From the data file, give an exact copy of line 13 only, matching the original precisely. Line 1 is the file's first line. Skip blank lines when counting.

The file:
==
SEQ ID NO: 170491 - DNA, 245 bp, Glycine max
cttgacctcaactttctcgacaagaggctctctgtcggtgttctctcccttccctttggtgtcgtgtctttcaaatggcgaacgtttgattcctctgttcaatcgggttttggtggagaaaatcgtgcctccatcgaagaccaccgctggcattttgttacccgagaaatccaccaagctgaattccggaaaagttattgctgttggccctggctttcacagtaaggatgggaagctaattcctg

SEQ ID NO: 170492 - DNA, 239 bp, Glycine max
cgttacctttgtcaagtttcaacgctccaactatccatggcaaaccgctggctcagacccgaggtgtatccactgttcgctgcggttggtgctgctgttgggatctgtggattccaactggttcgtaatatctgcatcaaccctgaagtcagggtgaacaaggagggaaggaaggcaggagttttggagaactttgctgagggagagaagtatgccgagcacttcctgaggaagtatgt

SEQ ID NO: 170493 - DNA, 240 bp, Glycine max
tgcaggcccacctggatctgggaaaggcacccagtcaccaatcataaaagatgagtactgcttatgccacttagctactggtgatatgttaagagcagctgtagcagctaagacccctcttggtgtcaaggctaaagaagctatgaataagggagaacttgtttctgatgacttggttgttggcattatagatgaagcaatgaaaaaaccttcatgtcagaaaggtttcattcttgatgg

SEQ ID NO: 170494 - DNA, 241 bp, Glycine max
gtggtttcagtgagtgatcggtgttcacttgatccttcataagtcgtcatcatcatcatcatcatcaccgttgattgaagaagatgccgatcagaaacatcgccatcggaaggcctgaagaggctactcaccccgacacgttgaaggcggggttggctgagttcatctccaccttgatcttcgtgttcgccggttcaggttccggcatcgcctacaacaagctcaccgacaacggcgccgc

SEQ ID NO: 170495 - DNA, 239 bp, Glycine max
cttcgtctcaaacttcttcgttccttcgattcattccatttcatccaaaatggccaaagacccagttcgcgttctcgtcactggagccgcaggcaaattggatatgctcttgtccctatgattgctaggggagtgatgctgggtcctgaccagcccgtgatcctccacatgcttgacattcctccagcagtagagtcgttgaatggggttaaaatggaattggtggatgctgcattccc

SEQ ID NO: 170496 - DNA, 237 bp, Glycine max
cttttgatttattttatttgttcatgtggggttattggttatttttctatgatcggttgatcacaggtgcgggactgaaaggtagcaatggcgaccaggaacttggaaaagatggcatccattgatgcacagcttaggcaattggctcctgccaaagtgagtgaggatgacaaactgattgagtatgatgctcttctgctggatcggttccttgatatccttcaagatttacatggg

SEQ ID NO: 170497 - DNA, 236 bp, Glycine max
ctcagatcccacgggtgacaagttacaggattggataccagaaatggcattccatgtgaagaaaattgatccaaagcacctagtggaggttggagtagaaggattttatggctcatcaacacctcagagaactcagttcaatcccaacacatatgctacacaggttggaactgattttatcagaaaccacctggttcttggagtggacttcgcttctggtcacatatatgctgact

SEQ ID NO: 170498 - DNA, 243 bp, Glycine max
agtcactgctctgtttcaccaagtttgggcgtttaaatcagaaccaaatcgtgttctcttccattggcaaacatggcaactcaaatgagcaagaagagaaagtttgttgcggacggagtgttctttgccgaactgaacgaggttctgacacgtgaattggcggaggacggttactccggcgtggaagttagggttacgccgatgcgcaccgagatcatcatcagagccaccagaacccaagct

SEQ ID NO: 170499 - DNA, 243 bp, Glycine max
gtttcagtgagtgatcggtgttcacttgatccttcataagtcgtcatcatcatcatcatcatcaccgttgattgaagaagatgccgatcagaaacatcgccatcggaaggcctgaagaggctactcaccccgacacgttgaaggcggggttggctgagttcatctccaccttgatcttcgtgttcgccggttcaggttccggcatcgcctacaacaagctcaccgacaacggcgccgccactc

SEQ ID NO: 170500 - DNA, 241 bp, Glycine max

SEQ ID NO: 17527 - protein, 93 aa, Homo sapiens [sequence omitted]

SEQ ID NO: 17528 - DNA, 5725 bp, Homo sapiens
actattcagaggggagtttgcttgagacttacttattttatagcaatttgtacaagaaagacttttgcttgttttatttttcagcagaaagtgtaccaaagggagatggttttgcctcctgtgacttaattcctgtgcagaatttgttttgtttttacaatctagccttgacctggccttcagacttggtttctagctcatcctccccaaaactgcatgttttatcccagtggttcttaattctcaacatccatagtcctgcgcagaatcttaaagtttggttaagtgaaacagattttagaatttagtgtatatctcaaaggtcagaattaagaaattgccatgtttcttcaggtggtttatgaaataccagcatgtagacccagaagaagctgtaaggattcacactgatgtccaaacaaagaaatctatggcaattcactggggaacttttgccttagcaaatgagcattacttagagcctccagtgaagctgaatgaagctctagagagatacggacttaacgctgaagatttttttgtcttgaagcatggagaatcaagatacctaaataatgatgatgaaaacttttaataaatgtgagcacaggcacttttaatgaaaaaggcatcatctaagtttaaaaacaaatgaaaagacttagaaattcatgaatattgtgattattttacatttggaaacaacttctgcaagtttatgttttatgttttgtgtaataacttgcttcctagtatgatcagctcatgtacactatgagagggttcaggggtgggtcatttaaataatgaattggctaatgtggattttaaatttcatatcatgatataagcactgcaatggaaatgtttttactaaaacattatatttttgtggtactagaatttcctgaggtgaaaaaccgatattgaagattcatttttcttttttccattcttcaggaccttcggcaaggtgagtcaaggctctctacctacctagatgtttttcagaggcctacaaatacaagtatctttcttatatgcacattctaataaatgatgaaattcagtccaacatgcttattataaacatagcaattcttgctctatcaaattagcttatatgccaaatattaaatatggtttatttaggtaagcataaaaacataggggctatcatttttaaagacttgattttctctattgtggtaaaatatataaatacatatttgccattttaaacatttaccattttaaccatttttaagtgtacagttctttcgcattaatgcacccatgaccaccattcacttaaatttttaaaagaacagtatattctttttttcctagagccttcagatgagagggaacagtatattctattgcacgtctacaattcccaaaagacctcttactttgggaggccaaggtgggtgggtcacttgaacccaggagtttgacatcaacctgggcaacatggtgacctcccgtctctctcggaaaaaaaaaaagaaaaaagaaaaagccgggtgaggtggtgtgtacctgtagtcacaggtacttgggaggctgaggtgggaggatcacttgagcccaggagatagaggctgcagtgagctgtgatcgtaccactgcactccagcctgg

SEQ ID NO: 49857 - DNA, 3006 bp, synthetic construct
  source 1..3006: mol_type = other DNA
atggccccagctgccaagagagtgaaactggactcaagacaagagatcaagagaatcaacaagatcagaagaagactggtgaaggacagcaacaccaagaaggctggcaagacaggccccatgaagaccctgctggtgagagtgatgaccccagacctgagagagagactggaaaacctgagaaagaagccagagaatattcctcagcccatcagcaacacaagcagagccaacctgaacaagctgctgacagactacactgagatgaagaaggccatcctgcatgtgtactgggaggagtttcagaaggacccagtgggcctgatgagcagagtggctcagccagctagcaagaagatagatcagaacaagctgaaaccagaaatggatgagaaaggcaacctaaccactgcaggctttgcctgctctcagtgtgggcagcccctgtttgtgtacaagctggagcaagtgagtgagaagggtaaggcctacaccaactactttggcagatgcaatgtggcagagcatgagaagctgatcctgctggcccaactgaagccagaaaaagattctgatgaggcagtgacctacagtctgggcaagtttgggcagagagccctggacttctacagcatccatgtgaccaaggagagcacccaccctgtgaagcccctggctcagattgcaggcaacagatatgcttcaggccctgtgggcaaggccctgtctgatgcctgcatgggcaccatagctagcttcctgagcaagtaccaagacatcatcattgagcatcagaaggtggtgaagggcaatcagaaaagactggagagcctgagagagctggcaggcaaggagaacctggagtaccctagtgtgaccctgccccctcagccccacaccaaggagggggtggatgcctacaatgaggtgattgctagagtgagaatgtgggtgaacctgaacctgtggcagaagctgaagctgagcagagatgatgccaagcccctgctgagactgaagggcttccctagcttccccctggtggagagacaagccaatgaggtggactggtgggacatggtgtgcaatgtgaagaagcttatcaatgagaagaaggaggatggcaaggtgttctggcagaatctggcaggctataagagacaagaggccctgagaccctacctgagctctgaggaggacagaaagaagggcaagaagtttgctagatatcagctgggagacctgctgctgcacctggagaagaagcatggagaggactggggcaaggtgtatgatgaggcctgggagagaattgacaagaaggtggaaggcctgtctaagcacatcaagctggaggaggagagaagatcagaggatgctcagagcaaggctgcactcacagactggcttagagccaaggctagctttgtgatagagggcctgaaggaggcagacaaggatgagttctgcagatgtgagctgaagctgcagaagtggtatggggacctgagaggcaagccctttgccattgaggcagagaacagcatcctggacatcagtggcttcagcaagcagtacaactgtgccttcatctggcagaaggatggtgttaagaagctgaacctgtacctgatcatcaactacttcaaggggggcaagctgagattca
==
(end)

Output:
SEQ ID NO: 170497 - DNA, 236 bp, Glycine max